Around here, we’ve always thought Android has the potential to one day power most of the world’s computing devices, but from the outside that’s also been quite hard to believe (maybe because they didn’t want to believe it). Gartner is starting to confirm some of those predictions, saying that Android will run on 1.1 billion devices out of 2.5 billion in total in 2014 (1.9 billion of which will be smartphones), and that its share of the market will keep growing, too, over the next few years. Speaking of Android running on laptops, ASUS and Intel are already pushing this forward.
Some quick math shows that means Android activations will be up to a whooping 3 million every day this year, which is double what it was last year. Why so many every day? Because not only have the smartphone and tablet markets grown, which means the same percentage of market share would mean more units this year, but Android has also been starting to grow aggressively in terms of market share, too, in tablets, and more recently even in PCs.
Gartner does say, however, that while the total computing market has grown by 7.6% since a year ago, the notebook and PC market itself has been shrinking, and it will decline to 278 million units from almost 300 million units a year before. It doesn’t look like there’s going to be any improvement either, and it will keep declining going into 2015.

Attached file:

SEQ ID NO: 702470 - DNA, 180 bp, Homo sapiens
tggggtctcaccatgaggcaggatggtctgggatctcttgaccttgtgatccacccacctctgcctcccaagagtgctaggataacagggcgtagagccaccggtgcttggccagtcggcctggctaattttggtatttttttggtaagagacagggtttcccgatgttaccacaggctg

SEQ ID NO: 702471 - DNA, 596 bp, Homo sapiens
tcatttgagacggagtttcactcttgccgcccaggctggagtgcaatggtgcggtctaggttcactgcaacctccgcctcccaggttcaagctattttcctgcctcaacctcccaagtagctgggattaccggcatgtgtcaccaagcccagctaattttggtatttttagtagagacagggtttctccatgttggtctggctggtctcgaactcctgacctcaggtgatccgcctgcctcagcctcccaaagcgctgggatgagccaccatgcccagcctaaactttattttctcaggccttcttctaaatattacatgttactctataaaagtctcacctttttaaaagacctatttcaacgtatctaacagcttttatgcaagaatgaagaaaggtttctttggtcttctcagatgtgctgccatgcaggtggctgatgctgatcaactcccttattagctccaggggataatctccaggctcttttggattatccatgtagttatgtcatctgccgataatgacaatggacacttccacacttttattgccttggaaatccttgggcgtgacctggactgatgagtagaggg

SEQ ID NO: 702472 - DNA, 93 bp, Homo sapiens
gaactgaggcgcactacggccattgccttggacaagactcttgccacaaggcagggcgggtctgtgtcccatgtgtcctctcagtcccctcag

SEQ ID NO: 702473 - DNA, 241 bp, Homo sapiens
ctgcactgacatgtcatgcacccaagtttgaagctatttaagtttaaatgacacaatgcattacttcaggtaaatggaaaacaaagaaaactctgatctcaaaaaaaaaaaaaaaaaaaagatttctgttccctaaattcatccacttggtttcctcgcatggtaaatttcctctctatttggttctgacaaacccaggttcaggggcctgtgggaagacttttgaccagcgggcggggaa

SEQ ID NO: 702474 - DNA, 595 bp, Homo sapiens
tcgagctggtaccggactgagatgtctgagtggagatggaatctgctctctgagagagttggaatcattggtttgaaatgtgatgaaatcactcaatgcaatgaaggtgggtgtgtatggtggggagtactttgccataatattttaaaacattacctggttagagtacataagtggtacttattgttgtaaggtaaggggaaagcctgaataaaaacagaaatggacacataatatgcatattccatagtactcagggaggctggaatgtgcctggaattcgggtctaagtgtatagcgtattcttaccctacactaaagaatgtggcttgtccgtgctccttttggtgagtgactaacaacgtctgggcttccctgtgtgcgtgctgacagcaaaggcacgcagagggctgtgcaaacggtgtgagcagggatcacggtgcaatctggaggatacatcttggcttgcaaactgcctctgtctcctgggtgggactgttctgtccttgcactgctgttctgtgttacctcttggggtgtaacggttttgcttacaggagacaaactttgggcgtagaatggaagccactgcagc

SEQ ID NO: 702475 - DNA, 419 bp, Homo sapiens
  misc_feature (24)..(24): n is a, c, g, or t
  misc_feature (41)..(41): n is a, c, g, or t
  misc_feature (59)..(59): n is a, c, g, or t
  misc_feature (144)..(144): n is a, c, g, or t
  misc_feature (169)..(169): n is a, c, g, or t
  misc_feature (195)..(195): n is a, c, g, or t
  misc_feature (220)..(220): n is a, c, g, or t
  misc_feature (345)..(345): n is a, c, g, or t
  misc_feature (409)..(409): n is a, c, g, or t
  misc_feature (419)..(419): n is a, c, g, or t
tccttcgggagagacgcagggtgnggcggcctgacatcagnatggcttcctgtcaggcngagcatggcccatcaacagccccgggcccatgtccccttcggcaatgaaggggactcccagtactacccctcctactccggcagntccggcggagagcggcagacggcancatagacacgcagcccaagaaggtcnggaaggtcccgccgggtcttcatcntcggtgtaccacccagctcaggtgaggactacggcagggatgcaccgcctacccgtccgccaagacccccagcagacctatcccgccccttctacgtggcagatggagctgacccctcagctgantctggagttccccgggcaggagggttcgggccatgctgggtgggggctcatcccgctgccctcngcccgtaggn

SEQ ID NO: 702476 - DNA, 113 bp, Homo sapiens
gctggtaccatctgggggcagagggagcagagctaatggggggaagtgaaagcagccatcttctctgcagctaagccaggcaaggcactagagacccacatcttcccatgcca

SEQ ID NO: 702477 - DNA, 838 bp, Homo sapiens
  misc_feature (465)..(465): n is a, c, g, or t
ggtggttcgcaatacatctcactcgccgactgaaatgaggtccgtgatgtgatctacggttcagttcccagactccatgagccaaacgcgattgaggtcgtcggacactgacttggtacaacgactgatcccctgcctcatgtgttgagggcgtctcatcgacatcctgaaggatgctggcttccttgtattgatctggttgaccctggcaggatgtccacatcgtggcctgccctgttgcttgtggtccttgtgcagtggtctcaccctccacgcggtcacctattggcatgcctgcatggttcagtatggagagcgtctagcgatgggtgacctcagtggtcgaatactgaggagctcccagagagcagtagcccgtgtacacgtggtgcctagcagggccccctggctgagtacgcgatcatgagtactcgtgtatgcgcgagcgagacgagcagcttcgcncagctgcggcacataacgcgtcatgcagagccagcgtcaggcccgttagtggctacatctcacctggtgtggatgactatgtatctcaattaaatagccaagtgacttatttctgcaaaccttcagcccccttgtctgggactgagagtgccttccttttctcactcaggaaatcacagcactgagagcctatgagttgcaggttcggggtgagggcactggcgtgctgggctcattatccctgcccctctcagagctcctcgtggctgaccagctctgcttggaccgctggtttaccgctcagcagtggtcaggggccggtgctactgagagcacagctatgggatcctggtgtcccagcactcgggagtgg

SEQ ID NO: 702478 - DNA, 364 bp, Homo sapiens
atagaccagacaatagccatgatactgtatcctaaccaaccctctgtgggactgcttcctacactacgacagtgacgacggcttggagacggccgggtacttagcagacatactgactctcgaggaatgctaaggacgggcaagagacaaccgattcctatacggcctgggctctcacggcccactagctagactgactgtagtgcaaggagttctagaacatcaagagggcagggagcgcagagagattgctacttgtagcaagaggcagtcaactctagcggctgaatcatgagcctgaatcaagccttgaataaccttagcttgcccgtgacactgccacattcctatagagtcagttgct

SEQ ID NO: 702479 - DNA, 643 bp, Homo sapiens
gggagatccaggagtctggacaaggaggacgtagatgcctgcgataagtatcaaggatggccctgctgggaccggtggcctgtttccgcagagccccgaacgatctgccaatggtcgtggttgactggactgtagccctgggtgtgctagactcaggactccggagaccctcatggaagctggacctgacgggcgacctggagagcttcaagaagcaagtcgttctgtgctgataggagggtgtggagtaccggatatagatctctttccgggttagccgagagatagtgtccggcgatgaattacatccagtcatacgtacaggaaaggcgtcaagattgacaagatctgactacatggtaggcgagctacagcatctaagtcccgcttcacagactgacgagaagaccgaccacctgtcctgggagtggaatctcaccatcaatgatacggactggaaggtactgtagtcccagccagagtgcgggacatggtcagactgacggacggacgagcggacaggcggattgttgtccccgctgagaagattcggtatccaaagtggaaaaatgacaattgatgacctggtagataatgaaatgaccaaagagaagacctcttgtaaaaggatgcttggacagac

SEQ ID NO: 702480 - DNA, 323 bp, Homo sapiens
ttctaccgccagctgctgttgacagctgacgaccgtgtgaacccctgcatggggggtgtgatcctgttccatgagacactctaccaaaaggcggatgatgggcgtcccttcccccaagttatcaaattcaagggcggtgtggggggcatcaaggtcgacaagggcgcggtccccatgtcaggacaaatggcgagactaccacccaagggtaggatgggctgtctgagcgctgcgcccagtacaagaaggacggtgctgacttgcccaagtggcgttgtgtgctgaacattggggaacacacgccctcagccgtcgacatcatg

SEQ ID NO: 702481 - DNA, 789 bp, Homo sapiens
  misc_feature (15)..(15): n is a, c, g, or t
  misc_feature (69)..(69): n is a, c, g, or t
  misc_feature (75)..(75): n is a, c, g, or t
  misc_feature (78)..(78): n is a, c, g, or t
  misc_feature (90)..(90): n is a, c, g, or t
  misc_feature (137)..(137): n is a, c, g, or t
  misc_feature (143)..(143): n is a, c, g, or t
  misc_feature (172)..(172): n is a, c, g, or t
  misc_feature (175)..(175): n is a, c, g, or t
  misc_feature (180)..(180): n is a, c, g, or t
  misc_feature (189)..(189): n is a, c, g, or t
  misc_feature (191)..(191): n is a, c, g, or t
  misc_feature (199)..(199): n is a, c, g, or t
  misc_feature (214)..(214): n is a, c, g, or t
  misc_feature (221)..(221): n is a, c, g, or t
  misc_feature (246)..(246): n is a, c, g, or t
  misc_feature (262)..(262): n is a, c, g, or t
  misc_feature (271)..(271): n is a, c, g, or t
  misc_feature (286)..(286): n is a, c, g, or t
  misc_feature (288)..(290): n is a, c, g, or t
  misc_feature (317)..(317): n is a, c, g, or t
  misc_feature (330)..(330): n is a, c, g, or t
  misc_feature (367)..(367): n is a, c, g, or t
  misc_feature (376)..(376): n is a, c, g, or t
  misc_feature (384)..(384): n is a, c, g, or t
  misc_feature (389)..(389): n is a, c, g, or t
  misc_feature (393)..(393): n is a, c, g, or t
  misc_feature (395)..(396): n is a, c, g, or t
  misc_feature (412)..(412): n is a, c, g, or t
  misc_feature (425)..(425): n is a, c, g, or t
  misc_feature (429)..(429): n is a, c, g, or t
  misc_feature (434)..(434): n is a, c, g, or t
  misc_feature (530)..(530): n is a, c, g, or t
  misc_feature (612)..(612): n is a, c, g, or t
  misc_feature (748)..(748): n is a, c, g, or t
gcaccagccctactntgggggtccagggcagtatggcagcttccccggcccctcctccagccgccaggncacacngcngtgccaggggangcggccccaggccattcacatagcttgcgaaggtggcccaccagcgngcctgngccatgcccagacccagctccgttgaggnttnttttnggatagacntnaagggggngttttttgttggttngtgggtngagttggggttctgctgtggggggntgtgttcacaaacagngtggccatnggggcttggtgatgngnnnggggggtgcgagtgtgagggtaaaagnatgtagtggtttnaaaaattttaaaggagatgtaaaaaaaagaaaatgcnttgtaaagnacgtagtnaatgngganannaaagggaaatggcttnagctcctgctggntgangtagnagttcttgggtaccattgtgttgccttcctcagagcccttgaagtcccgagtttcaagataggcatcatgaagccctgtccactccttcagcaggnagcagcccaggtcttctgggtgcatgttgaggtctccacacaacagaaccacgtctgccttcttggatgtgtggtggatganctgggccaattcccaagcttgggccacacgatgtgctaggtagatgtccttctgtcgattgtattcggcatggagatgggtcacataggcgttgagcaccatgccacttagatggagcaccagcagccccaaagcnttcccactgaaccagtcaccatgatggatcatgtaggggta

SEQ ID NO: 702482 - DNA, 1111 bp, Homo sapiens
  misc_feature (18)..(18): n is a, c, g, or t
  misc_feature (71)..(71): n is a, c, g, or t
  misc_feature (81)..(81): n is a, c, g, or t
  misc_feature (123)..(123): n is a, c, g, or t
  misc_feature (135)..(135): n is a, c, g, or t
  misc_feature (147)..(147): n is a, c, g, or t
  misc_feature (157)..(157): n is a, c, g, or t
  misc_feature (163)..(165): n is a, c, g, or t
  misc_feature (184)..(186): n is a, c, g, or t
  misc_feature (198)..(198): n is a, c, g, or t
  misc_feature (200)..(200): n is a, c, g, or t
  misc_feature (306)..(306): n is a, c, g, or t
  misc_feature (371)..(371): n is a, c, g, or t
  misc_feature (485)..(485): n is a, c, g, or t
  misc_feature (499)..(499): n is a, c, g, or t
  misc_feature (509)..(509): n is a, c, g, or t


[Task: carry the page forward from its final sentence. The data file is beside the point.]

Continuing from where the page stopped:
Since there has been growth for the whole computing market, but PCs have declined in numbers, that means smartphones and tablets grew that much more to compensate, and that’s the market where Android is the strongest right now, which means the bigger these two markets become, the bigger Android will become, while Windows will continue to be a fast declining choice for most consumers.
Android should also reach a total user base of almost 2 billion in 2014 (1.9 billion, to be exact), which is 3 times what Apple with have with iOS and Mac(682 million), and finally a good reason for developers to start developing first for Android. If it hasn’t been obvious so far that this is the way to go, then it’s going to become obvious in 2014, as Android far outmatches Apple’s market share.
This is all very exciting for Android, but I don’t think it’s even close to reaching its peak yet. Perhaps it’s getting closer to doing that in the smartphone (over 80 percent) and tablet (only 60 percent, still a way to go) markets, but it’s only very early days for things like PCs (still an opportunity for growth for Android, even if it’s not for Windows, since its Windows’ market share to lose), wearables, cars, and who knows what other consumer electronics it will be put on in the next few years.
Eventually, Android could be running on 10 billion or more devices, if we consider the “Internet of things”, home automation and so on. So Android is definitely the platform to be watching over the next few years.